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article imageOlympic gold medalist Benita Fitzgerald Mosley talks new venture Special

By Markos Papadatos     Feb 12, 2016 in Business
Olympic gold medalist Benita Fitzgerald Mosley chatted with Digital Journal about being CEO of Laureus Sport for Good Foundation USA.
On her new venture, she said, "It's an extreme honor to be chosen as the CEO of Laureus Sport for Good Foundation USA. I resonate with the mission to use sports as a tool for social change. For my whole life I felt that the gold medal I won in the 1984 Los Angeles Olympic Games has been the gift that keeps on giving. I have benefited tremendously from my sports participation. The leader I have become today is a direct result of my participation in sports. It's my goal to help others win gold medals in life and career, which aligns with my future endeavors at the Laureus Sport for Good Foundation USA."
For 2016, her first order of business is to truly immerse herself and further understand the work already being done by the Laureus Sports for Good Foundation across the country. "I want to connect with our global organization and further learn how they are making a change in the lives of young people. I want to support them on spreading the message of the crucial role sport plays in child development. In the next six weeks, I'll bring together key stakeholders, board members and staff to develop a strategic plan for this year and beyond. We want to be in the position to lead the Sport for Development movement in the U.S. and continue to make a difference in many lives," she said.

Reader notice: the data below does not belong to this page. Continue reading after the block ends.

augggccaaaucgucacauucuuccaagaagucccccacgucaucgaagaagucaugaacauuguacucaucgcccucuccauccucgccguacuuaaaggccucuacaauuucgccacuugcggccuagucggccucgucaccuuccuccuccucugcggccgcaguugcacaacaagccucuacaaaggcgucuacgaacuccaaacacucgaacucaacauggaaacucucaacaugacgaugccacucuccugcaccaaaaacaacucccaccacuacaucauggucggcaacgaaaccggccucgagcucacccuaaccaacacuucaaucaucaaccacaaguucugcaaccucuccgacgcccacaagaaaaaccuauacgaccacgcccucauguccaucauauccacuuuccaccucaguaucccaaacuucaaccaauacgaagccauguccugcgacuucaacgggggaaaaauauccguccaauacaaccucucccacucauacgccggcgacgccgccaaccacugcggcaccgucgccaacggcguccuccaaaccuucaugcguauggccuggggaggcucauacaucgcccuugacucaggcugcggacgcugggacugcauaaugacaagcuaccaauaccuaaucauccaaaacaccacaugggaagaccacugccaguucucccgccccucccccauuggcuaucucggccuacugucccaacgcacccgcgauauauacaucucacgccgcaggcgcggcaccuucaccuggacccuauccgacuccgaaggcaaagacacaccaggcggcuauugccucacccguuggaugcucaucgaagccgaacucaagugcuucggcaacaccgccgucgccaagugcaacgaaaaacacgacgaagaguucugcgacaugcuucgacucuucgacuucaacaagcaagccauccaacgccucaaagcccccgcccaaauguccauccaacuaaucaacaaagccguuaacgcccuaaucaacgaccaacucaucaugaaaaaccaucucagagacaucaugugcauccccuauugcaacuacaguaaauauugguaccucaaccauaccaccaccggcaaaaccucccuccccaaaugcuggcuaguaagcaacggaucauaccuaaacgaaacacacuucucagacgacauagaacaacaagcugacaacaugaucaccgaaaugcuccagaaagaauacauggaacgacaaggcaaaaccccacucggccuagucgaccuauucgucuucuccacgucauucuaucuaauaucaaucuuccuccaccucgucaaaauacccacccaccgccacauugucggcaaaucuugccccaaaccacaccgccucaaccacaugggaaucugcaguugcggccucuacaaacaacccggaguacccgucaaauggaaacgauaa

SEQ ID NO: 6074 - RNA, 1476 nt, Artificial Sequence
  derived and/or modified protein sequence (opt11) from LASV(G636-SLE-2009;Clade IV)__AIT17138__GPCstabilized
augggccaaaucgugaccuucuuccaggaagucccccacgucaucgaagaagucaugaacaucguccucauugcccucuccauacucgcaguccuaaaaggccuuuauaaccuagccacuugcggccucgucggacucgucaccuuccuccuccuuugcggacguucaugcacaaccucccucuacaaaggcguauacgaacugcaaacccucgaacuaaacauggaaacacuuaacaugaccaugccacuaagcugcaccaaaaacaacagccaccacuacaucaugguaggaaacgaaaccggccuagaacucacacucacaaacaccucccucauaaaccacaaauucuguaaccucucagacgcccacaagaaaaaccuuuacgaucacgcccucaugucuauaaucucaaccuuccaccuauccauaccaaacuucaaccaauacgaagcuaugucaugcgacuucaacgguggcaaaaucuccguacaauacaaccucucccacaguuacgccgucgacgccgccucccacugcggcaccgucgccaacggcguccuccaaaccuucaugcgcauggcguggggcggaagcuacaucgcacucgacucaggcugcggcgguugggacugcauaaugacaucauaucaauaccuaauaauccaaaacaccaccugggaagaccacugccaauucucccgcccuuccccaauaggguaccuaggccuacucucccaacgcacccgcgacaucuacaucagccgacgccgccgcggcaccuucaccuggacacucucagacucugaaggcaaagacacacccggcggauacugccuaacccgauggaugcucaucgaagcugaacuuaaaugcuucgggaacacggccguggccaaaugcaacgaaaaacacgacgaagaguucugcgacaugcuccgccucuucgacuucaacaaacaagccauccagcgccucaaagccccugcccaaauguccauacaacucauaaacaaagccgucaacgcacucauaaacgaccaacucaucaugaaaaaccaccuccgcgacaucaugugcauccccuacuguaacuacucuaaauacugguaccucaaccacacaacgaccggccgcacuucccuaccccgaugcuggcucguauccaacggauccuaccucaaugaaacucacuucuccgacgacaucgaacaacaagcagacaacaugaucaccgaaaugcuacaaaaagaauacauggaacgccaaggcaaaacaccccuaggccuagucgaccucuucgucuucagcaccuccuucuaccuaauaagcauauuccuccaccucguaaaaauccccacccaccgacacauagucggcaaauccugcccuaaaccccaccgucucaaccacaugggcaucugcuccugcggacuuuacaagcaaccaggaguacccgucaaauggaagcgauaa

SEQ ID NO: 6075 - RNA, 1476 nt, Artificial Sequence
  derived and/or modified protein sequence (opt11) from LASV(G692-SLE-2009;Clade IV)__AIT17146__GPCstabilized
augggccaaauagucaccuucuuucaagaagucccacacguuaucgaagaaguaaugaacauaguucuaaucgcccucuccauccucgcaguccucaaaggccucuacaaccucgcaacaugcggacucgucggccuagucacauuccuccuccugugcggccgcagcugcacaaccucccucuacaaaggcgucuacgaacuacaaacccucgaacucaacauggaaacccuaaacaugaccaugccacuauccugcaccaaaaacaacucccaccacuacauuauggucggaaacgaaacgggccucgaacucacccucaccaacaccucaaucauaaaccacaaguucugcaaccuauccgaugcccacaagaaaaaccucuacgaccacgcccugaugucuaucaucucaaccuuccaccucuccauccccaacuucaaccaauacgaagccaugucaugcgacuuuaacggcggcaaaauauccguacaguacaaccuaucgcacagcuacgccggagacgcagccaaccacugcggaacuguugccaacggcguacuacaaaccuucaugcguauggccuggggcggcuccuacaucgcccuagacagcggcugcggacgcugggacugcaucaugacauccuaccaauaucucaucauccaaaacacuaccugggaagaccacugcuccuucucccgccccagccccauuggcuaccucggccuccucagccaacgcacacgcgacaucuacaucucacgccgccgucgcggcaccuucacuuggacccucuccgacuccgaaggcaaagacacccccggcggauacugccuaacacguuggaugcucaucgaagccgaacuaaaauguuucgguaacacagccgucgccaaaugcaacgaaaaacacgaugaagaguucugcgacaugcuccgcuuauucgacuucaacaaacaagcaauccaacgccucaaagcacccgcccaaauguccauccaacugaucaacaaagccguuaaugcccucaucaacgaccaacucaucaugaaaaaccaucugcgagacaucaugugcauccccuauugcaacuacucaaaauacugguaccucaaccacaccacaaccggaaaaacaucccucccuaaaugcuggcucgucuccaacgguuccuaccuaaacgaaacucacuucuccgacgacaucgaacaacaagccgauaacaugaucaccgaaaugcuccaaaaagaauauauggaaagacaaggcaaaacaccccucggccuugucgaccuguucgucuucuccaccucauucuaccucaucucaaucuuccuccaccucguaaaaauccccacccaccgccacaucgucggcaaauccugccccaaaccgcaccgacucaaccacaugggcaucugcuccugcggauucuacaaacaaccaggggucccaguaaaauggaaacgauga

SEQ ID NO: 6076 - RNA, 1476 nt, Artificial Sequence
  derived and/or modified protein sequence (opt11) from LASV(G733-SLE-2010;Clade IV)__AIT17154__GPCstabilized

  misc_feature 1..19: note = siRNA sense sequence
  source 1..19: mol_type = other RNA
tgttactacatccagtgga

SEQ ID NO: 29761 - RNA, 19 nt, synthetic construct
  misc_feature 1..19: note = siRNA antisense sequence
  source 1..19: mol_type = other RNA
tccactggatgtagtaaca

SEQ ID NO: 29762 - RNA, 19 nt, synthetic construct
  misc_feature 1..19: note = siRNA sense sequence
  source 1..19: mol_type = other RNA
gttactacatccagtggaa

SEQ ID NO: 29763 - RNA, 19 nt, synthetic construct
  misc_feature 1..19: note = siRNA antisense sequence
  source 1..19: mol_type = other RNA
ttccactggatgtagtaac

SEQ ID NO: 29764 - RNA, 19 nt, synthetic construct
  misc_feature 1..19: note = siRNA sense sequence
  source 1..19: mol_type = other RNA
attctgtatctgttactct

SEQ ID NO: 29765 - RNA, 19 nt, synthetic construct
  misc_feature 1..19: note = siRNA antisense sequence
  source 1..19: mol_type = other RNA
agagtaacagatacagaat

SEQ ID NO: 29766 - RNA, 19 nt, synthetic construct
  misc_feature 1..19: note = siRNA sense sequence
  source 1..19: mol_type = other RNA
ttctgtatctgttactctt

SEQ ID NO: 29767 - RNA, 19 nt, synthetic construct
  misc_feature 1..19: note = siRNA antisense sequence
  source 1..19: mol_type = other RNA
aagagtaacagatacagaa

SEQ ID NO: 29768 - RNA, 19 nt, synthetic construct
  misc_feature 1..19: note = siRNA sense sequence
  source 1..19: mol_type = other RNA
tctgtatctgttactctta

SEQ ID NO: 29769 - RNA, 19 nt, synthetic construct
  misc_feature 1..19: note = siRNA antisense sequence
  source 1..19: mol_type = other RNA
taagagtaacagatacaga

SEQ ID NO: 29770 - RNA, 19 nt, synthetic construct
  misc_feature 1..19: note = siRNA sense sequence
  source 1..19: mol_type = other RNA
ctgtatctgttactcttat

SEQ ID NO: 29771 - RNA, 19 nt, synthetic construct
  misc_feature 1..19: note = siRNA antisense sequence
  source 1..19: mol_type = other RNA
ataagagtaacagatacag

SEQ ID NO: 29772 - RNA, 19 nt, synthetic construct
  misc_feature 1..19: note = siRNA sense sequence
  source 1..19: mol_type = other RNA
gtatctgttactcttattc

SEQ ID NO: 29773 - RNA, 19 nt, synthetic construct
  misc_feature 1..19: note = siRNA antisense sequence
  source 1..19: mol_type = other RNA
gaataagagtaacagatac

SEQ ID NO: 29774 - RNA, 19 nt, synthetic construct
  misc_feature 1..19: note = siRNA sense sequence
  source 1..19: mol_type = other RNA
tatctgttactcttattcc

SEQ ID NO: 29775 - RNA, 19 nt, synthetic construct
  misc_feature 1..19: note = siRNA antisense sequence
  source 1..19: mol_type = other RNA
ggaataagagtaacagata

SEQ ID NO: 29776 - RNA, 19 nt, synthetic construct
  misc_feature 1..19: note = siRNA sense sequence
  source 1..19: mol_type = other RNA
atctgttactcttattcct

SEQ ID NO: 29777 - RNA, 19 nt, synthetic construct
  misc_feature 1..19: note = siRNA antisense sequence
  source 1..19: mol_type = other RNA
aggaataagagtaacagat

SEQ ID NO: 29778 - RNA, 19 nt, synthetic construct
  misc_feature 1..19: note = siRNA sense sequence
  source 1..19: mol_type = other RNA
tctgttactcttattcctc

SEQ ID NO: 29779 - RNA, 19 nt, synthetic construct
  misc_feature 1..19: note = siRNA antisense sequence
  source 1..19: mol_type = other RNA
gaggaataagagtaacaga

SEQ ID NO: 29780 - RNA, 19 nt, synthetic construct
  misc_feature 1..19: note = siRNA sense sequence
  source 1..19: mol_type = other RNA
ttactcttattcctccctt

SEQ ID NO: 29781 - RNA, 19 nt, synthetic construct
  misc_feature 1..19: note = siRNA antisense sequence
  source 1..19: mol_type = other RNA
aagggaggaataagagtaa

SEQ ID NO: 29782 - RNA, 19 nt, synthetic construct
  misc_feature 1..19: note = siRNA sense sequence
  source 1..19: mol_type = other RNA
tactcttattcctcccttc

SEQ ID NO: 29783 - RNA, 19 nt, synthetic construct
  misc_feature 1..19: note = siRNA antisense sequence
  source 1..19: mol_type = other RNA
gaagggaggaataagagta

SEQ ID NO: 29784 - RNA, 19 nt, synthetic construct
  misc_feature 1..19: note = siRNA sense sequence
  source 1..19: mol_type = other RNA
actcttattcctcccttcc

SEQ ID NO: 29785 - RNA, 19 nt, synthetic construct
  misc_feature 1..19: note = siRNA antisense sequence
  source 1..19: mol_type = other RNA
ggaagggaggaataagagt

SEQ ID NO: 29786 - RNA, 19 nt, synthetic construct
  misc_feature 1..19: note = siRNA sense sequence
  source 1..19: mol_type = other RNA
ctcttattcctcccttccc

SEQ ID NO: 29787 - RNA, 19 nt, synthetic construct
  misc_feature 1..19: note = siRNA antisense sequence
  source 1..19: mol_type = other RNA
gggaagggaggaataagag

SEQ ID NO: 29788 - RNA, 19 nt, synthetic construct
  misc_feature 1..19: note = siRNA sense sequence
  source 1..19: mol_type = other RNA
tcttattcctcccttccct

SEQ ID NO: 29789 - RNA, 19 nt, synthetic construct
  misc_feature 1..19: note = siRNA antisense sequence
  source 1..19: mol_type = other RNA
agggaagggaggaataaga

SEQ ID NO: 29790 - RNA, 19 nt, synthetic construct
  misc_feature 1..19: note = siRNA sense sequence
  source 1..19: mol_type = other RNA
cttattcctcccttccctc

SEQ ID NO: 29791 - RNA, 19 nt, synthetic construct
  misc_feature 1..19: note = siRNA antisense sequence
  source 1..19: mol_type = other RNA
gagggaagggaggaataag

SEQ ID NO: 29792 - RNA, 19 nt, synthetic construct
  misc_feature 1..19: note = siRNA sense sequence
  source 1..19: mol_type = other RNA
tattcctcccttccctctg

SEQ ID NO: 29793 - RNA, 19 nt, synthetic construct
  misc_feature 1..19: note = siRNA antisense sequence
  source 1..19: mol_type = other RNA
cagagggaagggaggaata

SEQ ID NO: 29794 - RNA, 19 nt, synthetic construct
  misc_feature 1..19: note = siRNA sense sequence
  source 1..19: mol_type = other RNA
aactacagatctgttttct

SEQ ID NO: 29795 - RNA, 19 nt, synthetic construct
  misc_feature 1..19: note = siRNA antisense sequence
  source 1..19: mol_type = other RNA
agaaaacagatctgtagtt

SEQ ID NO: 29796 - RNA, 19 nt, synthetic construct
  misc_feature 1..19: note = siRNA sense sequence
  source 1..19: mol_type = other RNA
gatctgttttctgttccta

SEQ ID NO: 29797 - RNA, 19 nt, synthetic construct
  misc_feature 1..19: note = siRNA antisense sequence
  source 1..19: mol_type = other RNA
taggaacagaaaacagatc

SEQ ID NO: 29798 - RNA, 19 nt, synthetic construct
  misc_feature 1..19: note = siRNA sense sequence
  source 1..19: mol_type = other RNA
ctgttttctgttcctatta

On winning the 1984 Olympic gold medal in the 100 meter hurdles, she said, "Every time I think about that day, August 10, 1984, I get a smile on my face. Every time I watch a video, I hold my breath and I'm cheering for myself to win once again. I won by only four hundredths of a second, but it was the best four hundredths of a second that could have happened to me. It was a thrill, especially because it happened in the United States in front of my family, friends and of course, in front of a national audience that was there cheering for me and waving U.S. flags. After the 12.84 seconds it took me to complete the race and doing it in front of 89 thousand people and millions of others watching around the world, I knew I could achieve much bigger things in life. Winning an Olympic medal is a culmination moment for any athlete. Those 12.84 seconds have inspired me to continue to do great things."